A while back my sister and bro-in-law left me with a Garmin Nuvi. It’s an older device, but successfully loaded Kevin’s plotted maps of the Great Continental Divide Trail, which fortunately have been updated for 2015. (Green: easy. Blue: medium. Red: hard.)
Practicing controlled throttle-clutch-braking slides to the left and right are a must. What a handful. These motocross kids make it look so easy!
A YouTube’r I subscribe to has recently released a movie that he and a friend filmed when riding through 7 countries in 2013. The worldwide dual-sport and enduro riding community is full of inspirational riders like this. Nothing gets me more fired up to explore than videos like this. Looking forward to watching the full movie soon.
Let’s talk tires for a moment.
The used 2008 DRZ-400-S I bought several months ago came fitted with brand new front and back Pirelli MT21 Rallycross tires. They’re a terrific tire for off-road riding. They’re also a very soft tire. Rule of thumb, soft means better performance, but shorter longevity. While they’ve been a perfect off-road training tire (likely overkill for my skill level), they’re going to fall short for my ride along the Great Continental Divide. Continue reading Fresh rubber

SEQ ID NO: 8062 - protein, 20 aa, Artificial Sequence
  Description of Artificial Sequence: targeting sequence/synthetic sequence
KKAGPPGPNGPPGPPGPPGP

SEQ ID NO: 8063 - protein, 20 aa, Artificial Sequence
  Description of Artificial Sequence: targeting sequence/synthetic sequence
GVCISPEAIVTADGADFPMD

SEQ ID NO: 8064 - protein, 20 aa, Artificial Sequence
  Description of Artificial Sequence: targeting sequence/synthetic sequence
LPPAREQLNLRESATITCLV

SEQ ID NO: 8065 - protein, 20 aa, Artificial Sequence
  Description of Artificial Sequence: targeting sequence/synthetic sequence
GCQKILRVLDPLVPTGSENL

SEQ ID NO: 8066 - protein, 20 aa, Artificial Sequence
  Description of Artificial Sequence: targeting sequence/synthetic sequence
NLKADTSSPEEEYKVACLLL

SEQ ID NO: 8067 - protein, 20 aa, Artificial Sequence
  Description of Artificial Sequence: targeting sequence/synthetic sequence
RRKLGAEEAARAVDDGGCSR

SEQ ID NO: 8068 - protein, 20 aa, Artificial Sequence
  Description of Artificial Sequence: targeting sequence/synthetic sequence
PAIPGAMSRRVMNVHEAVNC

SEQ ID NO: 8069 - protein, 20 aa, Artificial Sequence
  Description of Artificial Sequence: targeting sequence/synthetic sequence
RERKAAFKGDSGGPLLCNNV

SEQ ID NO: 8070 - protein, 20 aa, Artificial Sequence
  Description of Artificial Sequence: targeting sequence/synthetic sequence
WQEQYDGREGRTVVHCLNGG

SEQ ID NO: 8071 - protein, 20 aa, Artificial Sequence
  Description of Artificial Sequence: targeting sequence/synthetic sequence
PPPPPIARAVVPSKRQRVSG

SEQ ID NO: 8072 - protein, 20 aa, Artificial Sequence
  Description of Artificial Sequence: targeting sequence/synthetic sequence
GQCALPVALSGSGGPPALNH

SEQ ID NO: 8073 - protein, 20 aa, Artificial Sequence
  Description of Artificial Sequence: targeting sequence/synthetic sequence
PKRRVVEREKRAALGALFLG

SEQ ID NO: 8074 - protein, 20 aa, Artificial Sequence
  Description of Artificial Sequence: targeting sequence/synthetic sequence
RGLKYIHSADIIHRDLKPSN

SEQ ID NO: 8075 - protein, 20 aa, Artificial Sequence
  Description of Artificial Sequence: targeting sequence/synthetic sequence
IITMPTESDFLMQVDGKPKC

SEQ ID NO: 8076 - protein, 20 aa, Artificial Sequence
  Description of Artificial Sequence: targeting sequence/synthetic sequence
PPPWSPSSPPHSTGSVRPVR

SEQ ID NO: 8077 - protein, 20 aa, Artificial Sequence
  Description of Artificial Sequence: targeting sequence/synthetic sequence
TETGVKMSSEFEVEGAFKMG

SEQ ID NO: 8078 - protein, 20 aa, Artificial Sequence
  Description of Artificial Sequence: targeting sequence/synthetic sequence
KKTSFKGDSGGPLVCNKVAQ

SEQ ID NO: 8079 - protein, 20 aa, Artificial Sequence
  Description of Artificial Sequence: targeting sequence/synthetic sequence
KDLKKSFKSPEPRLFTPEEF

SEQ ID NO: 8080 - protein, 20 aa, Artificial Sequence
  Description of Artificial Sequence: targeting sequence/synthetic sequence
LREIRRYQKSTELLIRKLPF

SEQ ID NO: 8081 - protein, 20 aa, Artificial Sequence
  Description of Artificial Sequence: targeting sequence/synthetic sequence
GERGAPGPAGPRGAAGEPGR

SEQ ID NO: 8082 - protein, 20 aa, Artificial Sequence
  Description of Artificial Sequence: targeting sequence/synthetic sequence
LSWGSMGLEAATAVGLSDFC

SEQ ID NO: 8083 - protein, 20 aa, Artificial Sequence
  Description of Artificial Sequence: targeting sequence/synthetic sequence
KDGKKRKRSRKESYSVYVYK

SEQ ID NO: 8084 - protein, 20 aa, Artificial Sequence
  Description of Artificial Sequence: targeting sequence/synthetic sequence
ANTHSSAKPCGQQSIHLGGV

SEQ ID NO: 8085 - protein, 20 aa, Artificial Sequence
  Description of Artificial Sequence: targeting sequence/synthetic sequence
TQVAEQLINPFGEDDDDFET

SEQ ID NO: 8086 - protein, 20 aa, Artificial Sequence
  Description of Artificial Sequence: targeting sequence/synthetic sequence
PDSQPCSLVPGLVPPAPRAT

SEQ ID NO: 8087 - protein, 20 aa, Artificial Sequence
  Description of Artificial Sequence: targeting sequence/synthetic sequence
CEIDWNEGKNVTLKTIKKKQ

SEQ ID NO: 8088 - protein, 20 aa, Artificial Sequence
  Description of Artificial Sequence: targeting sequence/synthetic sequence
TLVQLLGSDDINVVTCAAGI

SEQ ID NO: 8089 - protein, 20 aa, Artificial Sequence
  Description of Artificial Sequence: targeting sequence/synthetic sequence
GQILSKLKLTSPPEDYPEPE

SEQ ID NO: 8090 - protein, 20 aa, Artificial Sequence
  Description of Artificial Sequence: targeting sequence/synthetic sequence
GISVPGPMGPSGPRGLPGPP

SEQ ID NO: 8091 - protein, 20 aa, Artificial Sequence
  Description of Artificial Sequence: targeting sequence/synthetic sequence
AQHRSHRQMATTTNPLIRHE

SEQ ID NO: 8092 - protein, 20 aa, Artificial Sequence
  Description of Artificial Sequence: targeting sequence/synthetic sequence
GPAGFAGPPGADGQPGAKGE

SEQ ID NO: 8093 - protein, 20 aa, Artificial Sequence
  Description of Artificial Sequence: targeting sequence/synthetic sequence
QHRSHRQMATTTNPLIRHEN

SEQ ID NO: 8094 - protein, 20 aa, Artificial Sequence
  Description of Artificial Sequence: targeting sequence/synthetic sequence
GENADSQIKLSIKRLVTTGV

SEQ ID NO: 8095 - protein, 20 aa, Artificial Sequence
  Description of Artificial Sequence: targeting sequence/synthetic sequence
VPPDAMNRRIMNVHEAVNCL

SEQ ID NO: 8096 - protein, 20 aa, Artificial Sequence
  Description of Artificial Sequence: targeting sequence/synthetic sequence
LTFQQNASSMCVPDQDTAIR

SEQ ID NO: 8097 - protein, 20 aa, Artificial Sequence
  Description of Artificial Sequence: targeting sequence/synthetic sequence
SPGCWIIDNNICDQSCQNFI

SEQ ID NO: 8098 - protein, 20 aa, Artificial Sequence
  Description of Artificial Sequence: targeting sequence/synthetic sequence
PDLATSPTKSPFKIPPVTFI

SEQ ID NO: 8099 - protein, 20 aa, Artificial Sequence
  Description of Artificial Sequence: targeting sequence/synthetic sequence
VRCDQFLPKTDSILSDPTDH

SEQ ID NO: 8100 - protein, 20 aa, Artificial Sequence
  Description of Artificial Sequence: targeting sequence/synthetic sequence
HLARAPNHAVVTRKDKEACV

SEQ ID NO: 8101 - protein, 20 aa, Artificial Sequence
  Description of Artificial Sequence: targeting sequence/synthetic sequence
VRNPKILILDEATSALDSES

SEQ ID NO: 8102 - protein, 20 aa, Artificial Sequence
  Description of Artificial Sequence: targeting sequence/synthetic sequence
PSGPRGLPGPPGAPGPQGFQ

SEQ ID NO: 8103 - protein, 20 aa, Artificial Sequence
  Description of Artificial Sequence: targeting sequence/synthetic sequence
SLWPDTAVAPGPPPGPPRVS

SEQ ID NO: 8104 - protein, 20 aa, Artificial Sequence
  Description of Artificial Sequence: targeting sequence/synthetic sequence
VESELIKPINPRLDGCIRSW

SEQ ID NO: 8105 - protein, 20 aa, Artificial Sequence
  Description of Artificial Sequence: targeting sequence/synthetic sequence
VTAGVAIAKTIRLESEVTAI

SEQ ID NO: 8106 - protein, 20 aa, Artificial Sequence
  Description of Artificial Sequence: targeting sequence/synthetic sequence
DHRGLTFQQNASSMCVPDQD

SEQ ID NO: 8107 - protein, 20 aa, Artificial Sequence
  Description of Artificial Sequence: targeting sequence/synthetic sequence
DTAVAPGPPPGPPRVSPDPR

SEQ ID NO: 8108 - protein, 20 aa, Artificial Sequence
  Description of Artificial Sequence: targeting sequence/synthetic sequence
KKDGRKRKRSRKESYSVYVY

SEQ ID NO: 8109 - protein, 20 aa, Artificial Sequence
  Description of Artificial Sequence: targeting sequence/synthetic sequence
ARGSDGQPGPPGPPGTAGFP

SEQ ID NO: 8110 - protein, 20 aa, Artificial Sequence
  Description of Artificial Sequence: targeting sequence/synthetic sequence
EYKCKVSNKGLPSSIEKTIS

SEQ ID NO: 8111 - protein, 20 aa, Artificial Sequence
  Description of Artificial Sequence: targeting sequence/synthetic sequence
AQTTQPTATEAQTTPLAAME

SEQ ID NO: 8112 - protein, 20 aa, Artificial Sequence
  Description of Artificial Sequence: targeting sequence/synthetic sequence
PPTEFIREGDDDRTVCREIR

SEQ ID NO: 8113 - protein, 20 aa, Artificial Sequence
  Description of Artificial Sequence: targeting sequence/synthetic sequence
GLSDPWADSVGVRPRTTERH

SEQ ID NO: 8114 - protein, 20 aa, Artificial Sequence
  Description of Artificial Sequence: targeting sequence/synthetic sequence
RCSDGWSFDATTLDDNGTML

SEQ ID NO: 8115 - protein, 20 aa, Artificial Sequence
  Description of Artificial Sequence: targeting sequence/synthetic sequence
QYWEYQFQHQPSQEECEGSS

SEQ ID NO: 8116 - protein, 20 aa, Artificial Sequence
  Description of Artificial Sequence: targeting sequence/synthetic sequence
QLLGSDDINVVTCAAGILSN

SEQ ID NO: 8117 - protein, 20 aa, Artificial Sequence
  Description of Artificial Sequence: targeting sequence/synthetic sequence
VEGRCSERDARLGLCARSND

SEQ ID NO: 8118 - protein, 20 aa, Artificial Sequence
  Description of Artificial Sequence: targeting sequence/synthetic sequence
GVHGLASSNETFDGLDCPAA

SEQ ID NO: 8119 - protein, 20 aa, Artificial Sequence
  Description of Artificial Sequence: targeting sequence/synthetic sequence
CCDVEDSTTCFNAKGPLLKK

Yesterday I became a little more Californian. I’ve had a motorcycle license for over 20 years. I come from where lane splitting is illegal. There is no law for or against it in California, which apparently makes it legal. There are a lot of cars here, and a lot of intersections. I’ve been riding out here for several months, all the while not lane splitting. The air quality at intersections is similar to being enclosed in a box filled with fresh hot vehicle exhaust. Splitting the lanes to the front of each intersection was a breath of fresh air.